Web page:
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Mycena galericulata   (Common Tufted Mycena)
North America, Europe
Cap 2-8 cm diameter, stem 5-10 cm tall * 0.2-0.4 cm thick

Mycena galericulata, also known as Common Tufted Mycena is a small or medium, grayish brown agaric that has a bell-shaped, radially grooved cap and pinkish gills.It grows in woods on the trunks, stumps and fallen branches of various types of decidous trees.

Cap roughly conical when young, becomes broadly bell-shaped or with a broad umbo. Margin initially somewhat curved inward, but soon evens out or even becomes uplifted, and often splits radially in age. Color is somewhat buff-brown on the margin, and fades gradually to pale dirty tan to dirty cinnamon-brown. Flesh is thick in the center of the cap and tapers evenly to the margin, and is watery gray. Gills narrowly attached (adnexed) to broadly attached or sinuate. The gill spacing ranges from close to somewhat distantly spaced, with 26–36 gills reaching the stem. Spores are pale cream colored. Stem is similarly colored as the cap but more pallid near the apex. It is smooth, slender, more or less equal, and somewhat rooting. It has white hair. The mushroom has no ring.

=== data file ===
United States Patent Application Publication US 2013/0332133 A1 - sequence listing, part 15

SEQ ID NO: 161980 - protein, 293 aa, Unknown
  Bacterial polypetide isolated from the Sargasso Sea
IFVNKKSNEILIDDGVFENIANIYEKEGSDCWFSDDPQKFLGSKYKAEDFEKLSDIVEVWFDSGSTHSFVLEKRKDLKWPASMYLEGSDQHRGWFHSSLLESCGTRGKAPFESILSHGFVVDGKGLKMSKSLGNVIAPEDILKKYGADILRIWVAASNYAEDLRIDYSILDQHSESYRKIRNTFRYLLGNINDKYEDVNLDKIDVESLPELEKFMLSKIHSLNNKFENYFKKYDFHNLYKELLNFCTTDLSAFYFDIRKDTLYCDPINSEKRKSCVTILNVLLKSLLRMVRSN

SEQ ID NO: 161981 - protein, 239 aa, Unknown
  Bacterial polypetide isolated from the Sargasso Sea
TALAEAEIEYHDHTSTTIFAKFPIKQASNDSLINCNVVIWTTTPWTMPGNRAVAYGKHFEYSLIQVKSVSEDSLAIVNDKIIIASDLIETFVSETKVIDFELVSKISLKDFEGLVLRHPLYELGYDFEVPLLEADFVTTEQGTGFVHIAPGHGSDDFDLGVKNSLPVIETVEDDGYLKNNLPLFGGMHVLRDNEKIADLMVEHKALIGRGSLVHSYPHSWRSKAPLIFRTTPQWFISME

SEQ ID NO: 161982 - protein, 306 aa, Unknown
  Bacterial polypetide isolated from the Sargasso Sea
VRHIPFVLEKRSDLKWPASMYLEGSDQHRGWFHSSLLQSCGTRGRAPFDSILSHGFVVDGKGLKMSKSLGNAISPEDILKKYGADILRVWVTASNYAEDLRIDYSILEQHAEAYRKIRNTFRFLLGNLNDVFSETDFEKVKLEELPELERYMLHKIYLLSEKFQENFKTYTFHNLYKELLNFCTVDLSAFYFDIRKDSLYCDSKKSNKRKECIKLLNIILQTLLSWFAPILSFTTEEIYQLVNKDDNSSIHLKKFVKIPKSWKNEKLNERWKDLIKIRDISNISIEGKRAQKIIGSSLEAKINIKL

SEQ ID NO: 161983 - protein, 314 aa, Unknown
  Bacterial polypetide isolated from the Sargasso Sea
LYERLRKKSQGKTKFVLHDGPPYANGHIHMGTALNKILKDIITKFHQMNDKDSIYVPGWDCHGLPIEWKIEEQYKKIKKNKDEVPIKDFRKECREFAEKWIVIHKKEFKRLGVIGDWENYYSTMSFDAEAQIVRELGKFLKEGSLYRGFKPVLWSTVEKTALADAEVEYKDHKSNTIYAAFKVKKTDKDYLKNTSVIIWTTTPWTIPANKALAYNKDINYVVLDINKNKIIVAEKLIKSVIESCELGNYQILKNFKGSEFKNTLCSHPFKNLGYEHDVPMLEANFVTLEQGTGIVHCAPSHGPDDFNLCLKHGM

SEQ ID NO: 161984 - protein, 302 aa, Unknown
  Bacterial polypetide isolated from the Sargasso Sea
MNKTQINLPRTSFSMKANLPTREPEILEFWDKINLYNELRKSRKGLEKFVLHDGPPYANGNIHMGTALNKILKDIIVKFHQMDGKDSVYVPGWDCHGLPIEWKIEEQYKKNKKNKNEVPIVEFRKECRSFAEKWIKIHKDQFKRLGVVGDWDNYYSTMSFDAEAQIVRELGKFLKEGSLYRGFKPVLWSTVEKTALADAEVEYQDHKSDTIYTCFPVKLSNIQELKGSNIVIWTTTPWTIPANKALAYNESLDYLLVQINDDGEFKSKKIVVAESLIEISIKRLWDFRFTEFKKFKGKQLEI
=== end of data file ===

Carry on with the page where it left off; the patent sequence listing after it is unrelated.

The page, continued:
Mycena galericulata on the Firs Nature Web site.
Mycena galericulata on the MushroomExpert.Com Web site.

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